A Left Vision for Trade
Erik Loomis
(subscription required)
….Both Trump and Clinton explained their objection to the TPP in terms of the very real threat it posed to American jobs. But globalization is not going away, with or without the TPP. So how can we make it fairer?….

Turning an Issue into a Campaign: How Minnesota Public Employees Stood Up for Paid Parental Leave

Source: Joan Treichel, Steph Meyer, and Johanna Schussler, Labor Notes, January 3, 2017

Many unions agonize over how to get young workers involved. At the Minnesota Association of Professional Employees (MAPE), we did it with a fight over an issue that mattered to younger members—paid parental leave…. It started with just a few of us who got angry about the problem, and grew into a two-year campaign that energized our union by attracting new members, boosting meeting participation, and developing new leaders. And when we won the right to six weeks of paid parental leave for both parents for the birth or adoption of a child, a new generation felt the power of the union. Our victory benefits not only MAPE’s 14,000 members but all 32,000 union-represented executive-branch employees, including members of AFSCME, Nurses United, and the teachers unions…..

What Made Paid Parental Leave a Good Organizing Issue?
Organizers are always on the lookout for problems that can be solved through collective activity. Use these four criteria to evaluate a possible organizing issue:
– Is it widely felt? Many people must feel that this is a real problem and agree with the solution you’re pursuing. It became clear that paid parental leave was a hot issue among MAPE members when an initial meeting attracted 75 people.
– Is it deeply felt? It’s not enough that many people agree if none feels strongly enough to do anything about it. Paid parental leave hit home, touching on the value of family. Enough members were ready to back up their feelings with action to form a Solidarity Team.
– Is it winnable? It’s hard to know for sure whether you will win, but it’s possible to get a good idea of whether you can. Identify the decision-maker who can give you what you want. How hard do you expect this person to resist, and how much pressure can your group muster? MAPE had evidence that workers elsewhere had won similar benefits—and a decision-maker, the governor, who seemed moveable.
– Does it build the union and build leaders? MAPE had a goal to involve more of its newer members—and this issue mattered especially to them. Through this campaign, many newer members participated in union activities for the first time or took on new roles of leadership. ….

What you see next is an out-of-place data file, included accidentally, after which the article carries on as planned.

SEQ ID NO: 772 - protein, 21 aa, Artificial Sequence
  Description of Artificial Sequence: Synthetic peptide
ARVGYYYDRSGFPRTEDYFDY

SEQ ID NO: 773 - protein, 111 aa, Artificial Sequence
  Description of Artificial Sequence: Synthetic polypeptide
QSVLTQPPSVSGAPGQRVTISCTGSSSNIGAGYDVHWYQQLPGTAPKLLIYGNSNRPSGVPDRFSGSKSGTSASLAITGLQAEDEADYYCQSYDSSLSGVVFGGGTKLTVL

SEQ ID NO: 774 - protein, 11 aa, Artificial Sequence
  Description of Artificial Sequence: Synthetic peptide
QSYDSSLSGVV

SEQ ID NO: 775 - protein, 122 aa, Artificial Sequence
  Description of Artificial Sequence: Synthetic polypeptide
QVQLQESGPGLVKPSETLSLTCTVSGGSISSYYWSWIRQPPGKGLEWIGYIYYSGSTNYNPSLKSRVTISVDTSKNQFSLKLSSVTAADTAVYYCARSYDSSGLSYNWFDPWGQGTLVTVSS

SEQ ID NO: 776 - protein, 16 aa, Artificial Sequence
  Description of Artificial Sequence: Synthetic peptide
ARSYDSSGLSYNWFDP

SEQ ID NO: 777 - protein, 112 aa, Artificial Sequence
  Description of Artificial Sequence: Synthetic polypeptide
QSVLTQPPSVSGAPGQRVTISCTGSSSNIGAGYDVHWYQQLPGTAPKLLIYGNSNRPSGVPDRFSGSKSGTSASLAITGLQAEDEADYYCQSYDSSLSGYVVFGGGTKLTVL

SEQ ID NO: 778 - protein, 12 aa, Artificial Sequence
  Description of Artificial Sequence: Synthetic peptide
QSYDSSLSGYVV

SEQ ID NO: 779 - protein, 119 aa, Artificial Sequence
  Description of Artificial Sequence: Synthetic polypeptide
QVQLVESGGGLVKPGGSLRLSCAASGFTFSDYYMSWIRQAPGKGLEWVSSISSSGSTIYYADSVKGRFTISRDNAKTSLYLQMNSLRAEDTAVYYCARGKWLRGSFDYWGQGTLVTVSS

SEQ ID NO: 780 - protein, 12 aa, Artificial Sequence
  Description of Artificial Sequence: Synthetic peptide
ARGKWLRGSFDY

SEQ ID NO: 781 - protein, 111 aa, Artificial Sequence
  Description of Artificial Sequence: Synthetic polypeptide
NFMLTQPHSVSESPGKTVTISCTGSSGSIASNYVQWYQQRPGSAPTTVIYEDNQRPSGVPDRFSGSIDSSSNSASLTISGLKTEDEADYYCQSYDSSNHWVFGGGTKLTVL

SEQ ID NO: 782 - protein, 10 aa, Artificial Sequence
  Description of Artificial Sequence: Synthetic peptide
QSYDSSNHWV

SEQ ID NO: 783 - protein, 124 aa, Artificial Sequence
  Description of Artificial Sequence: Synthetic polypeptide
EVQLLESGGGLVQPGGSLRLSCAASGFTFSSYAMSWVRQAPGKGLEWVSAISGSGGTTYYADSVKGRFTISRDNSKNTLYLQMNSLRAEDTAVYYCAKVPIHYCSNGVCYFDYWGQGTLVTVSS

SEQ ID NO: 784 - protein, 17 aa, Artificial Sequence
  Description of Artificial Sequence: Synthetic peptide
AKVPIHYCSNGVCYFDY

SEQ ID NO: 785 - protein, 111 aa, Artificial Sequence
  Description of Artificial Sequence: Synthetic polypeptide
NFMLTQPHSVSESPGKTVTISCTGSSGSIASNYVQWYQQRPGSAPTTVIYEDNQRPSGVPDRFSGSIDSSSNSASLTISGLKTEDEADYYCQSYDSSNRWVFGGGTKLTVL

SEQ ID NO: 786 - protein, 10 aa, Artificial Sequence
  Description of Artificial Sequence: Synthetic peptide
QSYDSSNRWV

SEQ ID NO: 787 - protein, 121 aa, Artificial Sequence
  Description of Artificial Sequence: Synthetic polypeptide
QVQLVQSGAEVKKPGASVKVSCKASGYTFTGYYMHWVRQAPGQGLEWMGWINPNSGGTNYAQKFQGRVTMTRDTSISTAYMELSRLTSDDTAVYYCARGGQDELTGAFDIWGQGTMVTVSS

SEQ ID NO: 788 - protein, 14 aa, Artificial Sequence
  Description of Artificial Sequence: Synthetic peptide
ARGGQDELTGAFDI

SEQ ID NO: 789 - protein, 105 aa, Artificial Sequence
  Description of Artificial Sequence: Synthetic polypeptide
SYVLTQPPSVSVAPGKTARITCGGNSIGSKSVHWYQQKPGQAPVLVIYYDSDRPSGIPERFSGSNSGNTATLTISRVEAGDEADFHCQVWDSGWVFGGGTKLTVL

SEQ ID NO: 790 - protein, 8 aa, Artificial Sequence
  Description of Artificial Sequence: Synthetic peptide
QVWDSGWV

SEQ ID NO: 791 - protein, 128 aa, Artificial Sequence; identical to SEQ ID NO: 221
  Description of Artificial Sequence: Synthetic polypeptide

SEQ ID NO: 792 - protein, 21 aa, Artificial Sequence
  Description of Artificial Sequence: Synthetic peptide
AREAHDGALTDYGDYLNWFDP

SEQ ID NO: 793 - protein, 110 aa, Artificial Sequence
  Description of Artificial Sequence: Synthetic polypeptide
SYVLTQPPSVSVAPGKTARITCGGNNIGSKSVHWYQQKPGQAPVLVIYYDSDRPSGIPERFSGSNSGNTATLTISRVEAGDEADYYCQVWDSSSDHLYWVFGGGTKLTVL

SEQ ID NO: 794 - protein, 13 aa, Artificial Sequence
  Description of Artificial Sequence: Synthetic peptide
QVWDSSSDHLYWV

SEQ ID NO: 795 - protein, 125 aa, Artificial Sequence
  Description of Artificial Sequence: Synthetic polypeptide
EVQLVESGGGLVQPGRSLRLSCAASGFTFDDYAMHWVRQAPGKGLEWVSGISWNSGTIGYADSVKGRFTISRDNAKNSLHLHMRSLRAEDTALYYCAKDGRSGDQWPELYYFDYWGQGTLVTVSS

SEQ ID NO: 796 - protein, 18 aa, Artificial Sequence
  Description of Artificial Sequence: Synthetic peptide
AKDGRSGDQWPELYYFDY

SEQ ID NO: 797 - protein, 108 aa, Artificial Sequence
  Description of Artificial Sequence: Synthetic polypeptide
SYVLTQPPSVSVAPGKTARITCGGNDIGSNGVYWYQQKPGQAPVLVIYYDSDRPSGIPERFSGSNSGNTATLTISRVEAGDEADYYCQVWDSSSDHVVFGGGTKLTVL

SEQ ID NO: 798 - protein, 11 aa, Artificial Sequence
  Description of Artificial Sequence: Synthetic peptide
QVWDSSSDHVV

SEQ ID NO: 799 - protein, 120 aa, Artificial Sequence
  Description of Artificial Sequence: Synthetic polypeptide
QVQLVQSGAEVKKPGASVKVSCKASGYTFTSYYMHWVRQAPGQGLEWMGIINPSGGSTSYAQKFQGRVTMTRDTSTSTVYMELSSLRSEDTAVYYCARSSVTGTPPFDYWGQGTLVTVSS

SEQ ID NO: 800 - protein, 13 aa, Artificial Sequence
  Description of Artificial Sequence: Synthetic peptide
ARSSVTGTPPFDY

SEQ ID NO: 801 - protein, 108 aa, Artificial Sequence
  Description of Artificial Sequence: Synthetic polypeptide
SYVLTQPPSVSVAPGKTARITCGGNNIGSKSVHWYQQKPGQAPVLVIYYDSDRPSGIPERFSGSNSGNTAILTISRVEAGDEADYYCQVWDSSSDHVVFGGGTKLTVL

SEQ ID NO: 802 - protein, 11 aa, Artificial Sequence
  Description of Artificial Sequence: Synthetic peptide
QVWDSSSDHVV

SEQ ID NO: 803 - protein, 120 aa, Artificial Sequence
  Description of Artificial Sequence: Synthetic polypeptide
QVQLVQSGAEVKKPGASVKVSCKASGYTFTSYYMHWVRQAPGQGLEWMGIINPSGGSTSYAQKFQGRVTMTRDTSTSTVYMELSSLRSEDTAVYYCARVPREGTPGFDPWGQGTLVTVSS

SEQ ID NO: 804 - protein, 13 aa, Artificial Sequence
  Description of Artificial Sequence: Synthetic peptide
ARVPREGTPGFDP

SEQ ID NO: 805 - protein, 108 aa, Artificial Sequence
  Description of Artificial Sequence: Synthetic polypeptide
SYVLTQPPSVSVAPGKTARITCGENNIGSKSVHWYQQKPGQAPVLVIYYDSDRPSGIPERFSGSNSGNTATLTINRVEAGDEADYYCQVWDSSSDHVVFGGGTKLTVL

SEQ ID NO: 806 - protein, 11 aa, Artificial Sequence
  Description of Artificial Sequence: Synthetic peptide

The Declining Fortunes of American Workers: Six Dimensions and an Agenda for Reform

Source: Stephen F. Befort, University of Minnesota Law School, Minnesota Legal Studies Research Paper No. 16-28, September 27, 2016

From the abstract:
At the turn of the century, I undertook an assessment of the then current state of workplace rights and obligations. I concluded that the balance of power between employers and workers was “badly skewed” in favor of employers. This article revisits that topic for the purpose of assessing twenty-first century trends through the lens of six workplace dimensions. They are: workforce attachment, union-management relations, employment security, income inequality, balancing work and family, and retirement security. An examination of these dimensions reveal that the status of U.S. workers has significantly declined during the first sixteen years of the twenty-first century. This article then sets out a proposed agenda for reform designed to recalibrate the current imbalance in the respective fortunes of employees and employers.

Workplace Information Forcing: Constitutionality and Effectiveness

Source: Charlotte Alexander, American Business Law Journal, Vol. 53, 2016

From the abstract:
“Know-your-rights” posters are ubiquitous in the American workplace, as employers are required by statute or regulation to display numerous notices about workers’ rights on the job. These posters were relatively uncontroversial until a recent set of lawsuits by employer groups attempted, on statutory and constitutional grounds, to block rules that would require notices about workers’ rights to form a union and bargain collectively. The lawsuits have produced mixed results in the courts. Using these recent cases, as well as the few prior cases that challenged other notice posting rules, this article addresses the constitutionality of workplace notice posting requirements. It then examines the effectiveness of notice posting rules, considering how such rules might best be structured to accomplish their first-order goals of informing workers about their rights and their second-order goals of spurring enforcement action to improve the conditions of work.